Wednesday, February 9, 2011

Thousands of Sunni families expected to return to northwest after peace accord

Aki English

Pakistan: Thousands of Sunni families expected to return to northwest after peace accord

(AKI) - By Syed Saleem Shahzad - At least 3,000 Sunni families who fled sectarian violence are likely to return to Pakistan's restive northwestern Kurram tribal region following a recent peace accord between Shia and Sunni tribal elders, according to Pakistani security sources. The peace accord was also recognised by the Pakistani Taliban.
Pakistan Taliban chief in Kurram, Fazl Saeed told journalists by phone on Monday from an undisclosed location that militants would severely punish anyone who flouted the peace deal, which was signed on 3 February, ending years of bloodshed.

Saeed urged Shias to use main transport arteries including the Thall-Parachinar road.

The peace accord brought to an end three years of sectarian killings in Kurram, which borders Afghanistan. Taliban-backed Sunni militias and other Taliban-linked groups terrorised the Shia population in Kurram from 2007 and at least 5,000 Shias took refuge in Afghanistan.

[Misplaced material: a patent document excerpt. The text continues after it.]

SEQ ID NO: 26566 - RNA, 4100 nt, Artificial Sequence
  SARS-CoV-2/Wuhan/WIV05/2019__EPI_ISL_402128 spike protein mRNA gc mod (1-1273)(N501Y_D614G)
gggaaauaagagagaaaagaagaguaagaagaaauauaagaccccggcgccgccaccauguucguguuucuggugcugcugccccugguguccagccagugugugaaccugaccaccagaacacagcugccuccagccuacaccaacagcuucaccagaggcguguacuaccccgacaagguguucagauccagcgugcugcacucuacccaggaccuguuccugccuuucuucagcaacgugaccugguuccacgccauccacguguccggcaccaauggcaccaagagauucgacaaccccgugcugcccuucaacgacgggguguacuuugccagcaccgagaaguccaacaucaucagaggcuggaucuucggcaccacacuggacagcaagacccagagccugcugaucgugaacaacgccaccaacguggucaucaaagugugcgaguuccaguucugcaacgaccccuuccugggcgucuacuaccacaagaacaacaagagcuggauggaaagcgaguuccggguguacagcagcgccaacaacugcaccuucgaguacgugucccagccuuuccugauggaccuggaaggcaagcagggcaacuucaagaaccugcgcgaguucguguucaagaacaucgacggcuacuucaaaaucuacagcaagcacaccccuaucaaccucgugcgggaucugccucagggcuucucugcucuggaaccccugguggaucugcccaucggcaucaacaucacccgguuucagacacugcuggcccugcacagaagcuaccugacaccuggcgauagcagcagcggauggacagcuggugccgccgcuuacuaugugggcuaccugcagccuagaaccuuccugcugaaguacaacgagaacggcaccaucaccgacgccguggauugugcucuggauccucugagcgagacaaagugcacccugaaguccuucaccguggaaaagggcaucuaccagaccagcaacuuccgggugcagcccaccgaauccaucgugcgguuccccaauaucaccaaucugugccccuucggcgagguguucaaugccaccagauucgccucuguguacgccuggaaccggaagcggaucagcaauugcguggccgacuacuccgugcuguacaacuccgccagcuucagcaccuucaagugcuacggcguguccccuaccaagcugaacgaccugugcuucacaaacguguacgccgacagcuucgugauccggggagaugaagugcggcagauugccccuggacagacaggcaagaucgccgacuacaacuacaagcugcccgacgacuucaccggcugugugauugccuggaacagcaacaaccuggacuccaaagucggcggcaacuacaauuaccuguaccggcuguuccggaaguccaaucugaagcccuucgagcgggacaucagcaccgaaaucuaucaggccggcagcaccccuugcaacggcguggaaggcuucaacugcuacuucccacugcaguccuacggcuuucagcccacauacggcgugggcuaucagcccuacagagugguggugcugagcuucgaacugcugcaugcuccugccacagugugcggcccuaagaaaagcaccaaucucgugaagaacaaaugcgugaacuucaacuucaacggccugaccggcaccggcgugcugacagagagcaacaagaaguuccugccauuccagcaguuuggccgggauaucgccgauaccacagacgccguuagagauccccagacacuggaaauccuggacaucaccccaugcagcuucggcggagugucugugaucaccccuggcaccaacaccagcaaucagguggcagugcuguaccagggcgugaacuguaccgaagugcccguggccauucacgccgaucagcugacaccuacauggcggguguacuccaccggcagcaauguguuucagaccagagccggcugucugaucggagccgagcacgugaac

Sunni militias barred all the main roads in the area for at least two years, forcing Shias living in Kurram's main town of Parachinar to travel through the easterm Afghan province of Nangarhar to reach the northwest Pakistani city of Peshawar.

Later, Shia militias, allegedly backed by the Iran and the Afghan government, fought back against the pro-Taliban Sunni militias and forced at least 3,000 Sunni families to flee to other Pakistani cities.

Headed by Malik Waris Khan Afridi, the former federal minister from Khyber Agency, the 220-member tribal jirga took two years to arrange a negotiated peace deal.

Afridi said the safe and secure return of the tribesmen will be ensured by the government and Sunni and Shia tribesmen have pledged to uphold the deal.




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